It was a sublime moment. “Mother Bonner,” as the staff at her assisted-living community called her, was the daughter of a man born into slavery and had lived through almost a century of racial oppression and segregation.

Now here she was, ringing the hallowed bell to officially open the Smithsonian Institution’s National Museum of African American History and Culture in Washington.

The graying man who stood behind her steadying her arm was the country’s first black president, Barack Obama.

Bonner, who cherished that day, died peacefully in her sleep Friday in the Silver Spring assisted-living facility, her son, Michael, said Wednesday. She had turned 100 on March 16.

Ruth Odom Bonner, African American Museum, National Museum of African American History and Culture, NMAAHC, Slavery, KOLUMN Magazine, KOLUMN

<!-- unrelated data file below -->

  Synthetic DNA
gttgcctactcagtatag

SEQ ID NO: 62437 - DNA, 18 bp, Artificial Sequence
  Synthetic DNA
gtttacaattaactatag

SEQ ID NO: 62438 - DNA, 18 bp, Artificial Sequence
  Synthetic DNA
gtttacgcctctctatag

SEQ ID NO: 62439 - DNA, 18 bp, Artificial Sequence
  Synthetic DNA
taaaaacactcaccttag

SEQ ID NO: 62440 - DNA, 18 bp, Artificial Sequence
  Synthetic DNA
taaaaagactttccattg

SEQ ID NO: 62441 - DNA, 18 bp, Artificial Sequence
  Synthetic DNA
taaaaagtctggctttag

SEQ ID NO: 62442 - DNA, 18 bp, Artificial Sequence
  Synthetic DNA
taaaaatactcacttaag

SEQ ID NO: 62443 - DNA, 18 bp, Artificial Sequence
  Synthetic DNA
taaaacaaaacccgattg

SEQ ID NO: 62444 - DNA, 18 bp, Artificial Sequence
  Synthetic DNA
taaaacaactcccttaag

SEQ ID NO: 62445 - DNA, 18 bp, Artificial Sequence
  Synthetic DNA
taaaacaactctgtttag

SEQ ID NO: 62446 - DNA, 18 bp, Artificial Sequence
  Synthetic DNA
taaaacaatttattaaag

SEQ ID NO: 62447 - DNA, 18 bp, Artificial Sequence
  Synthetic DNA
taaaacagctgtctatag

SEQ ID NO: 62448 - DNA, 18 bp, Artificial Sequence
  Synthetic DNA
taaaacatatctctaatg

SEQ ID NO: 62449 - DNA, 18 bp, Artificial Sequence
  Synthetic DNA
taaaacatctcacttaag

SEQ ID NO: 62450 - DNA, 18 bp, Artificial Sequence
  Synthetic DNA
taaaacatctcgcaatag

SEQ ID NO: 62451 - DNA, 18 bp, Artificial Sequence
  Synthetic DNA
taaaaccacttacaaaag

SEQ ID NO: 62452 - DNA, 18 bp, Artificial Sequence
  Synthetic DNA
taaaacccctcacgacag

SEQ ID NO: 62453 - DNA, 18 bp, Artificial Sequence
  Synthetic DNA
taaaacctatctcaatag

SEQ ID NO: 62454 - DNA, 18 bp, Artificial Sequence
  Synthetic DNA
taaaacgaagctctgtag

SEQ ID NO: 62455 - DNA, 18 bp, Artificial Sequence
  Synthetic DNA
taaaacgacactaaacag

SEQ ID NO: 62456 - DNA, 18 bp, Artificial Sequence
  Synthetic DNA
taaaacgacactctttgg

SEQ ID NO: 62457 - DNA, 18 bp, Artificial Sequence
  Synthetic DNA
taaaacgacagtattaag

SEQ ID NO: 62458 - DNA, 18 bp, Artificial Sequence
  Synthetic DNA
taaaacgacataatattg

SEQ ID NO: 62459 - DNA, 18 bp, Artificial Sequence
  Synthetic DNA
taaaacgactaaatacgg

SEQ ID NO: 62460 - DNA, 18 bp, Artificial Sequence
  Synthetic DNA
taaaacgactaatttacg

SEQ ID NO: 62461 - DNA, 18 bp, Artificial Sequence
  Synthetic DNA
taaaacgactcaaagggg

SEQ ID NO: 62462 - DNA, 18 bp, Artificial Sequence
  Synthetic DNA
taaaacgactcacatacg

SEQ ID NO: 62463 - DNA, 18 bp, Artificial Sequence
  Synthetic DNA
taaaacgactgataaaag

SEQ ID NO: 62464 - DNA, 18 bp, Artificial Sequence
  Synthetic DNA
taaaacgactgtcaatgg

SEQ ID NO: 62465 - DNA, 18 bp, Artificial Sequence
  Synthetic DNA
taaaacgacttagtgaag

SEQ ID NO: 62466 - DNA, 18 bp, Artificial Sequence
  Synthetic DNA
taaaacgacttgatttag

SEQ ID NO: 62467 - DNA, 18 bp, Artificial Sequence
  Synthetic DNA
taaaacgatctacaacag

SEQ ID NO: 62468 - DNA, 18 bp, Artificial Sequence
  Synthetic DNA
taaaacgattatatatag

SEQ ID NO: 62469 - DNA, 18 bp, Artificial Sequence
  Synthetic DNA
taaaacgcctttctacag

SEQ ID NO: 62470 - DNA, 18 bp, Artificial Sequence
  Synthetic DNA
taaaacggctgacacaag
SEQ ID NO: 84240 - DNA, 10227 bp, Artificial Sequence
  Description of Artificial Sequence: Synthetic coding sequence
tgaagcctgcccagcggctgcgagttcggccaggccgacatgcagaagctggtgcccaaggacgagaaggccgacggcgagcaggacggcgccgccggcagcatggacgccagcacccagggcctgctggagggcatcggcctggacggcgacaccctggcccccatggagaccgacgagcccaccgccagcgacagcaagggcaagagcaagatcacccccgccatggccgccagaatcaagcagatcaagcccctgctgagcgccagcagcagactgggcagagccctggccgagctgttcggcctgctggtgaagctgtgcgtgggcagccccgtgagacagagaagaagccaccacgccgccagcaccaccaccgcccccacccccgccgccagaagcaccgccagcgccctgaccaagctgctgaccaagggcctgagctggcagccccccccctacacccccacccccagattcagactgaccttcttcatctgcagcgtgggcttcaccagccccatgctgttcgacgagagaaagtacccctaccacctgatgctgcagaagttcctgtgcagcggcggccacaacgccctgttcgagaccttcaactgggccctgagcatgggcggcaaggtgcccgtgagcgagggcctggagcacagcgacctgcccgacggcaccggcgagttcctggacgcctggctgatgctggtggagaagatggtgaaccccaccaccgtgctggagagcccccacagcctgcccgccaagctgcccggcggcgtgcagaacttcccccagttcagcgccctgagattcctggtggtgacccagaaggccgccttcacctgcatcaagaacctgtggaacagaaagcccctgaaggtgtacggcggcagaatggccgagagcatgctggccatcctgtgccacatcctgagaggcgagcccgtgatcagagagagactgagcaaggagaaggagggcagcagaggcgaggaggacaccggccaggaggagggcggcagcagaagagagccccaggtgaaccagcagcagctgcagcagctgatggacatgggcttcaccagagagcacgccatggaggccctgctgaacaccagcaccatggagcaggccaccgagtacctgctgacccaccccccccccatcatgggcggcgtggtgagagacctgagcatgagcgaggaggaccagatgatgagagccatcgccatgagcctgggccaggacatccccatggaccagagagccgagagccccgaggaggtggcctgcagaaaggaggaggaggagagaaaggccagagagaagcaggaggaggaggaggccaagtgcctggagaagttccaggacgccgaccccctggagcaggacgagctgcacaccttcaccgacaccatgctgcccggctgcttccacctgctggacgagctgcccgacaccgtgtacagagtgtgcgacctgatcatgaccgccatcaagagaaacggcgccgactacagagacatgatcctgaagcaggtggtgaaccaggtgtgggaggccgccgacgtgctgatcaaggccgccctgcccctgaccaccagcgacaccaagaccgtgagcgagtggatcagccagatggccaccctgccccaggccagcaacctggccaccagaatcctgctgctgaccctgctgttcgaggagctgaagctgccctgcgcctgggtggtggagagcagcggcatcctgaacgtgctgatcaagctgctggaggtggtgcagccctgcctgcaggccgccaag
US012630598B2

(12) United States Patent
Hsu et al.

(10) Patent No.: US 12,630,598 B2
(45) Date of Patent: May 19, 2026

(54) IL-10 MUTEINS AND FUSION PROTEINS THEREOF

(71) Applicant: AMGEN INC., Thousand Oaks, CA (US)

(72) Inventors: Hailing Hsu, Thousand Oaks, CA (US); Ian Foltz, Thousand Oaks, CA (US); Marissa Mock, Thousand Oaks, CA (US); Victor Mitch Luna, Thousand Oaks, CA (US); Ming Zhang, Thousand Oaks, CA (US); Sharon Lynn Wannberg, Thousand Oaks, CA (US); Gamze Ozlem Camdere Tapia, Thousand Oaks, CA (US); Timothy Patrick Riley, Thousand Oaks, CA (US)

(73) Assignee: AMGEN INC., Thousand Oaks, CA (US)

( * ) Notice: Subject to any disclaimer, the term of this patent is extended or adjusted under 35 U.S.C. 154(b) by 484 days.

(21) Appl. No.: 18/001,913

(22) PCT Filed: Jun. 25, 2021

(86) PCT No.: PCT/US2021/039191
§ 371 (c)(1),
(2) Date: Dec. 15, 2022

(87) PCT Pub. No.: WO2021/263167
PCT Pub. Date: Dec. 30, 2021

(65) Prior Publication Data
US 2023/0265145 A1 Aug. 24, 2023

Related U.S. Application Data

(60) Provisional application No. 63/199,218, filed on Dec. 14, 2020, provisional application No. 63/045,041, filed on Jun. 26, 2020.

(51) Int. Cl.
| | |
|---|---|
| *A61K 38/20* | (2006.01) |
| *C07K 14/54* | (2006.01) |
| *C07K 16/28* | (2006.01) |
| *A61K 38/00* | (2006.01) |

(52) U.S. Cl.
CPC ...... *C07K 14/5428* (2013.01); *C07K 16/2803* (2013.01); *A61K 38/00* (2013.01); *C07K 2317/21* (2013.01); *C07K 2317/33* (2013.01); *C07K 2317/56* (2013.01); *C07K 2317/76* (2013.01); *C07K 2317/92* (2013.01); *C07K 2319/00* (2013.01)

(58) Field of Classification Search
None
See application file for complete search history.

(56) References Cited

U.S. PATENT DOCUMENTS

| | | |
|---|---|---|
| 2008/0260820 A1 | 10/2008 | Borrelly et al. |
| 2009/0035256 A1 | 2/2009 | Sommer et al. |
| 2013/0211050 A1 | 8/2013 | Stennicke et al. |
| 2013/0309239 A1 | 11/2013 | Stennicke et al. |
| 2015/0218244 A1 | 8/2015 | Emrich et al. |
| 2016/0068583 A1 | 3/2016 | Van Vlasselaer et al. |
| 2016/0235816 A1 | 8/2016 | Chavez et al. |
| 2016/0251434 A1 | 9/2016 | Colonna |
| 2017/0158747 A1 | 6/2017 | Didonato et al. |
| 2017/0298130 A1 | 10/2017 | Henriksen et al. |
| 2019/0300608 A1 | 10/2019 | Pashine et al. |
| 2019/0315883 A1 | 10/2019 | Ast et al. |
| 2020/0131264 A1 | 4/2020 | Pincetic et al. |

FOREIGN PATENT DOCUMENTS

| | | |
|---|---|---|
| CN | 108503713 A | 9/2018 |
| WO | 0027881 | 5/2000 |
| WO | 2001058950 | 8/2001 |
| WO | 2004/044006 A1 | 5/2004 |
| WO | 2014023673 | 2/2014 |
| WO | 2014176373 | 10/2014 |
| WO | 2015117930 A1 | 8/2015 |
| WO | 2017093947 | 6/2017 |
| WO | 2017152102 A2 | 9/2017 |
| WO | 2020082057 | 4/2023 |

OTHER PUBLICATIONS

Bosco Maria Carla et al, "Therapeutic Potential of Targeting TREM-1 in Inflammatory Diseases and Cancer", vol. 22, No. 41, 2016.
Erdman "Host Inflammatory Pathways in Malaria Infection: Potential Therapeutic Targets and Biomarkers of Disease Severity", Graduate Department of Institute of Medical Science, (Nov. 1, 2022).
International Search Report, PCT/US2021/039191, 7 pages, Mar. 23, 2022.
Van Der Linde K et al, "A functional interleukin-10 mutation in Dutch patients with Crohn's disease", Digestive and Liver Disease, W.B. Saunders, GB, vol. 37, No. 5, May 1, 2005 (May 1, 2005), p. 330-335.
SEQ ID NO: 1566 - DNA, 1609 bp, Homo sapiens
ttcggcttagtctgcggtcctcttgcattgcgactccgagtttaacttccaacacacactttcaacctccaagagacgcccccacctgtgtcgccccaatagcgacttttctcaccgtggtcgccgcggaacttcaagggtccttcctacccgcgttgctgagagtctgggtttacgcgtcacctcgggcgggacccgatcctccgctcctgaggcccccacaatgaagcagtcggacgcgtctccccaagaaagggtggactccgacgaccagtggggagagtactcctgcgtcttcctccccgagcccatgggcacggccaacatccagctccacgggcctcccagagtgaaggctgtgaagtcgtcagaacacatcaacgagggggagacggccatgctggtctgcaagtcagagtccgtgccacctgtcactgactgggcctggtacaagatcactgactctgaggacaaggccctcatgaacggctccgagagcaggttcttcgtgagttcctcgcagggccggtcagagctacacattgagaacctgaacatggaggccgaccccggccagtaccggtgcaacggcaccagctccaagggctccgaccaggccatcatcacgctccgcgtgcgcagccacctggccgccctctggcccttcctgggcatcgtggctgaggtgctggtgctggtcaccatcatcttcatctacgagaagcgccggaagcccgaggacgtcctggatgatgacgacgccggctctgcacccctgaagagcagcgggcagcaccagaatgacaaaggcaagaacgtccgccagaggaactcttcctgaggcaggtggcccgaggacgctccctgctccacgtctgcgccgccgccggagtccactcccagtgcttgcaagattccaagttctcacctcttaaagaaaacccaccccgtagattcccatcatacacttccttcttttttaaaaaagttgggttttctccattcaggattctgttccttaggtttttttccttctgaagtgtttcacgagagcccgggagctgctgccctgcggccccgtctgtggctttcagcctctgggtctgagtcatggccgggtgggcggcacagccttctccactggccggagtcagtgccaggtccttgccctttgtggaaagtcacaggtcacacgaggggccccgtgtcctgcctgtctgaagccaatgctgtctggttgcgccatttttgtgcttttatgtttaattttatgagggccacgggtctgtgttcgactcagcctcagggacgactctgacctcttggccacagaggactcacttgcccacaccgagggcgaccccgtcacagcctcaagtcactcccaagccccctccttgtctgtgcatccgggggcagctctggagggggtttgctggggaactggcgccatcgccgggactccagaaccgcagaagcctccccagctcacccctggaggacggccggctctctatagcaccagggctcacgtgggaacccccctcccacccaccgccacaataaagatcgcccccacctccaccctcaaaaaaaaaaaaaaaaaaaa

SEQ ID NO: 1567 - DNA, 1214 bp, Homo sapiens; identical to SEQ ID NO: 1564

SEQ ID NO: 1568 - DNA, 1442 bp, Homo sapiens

Ruth Odom Bonner, African American Museum, National Museum of African American History and Culture, NMAAHC, Slavery, KOLUMN Magazine, KOLUMN


W.E.B. DU BOIS | CIVIL RIGHTS ACTIVIST, EDUCATOR, JOURNALIST

W.E.B. Du Bois was one of the most important African-American activists during the first half of the 20th century. He co-founded the NAACP and supported Pan-Africanism.

Scholar and activist W.E.B. Du Bois was born on February 23, 1868, in Great Barrington, Massachusetts. In 1895, he became the first African American to earn a Ph.D. from Harvard University. Du Bois wrote extensively and was the best known spokesperson for African-American rights during the first half of the 20th century. He co-founded the National Association for the Advancement of Colored People in 1909. Du Bois died in Ghana in 1963. (Biography.com).


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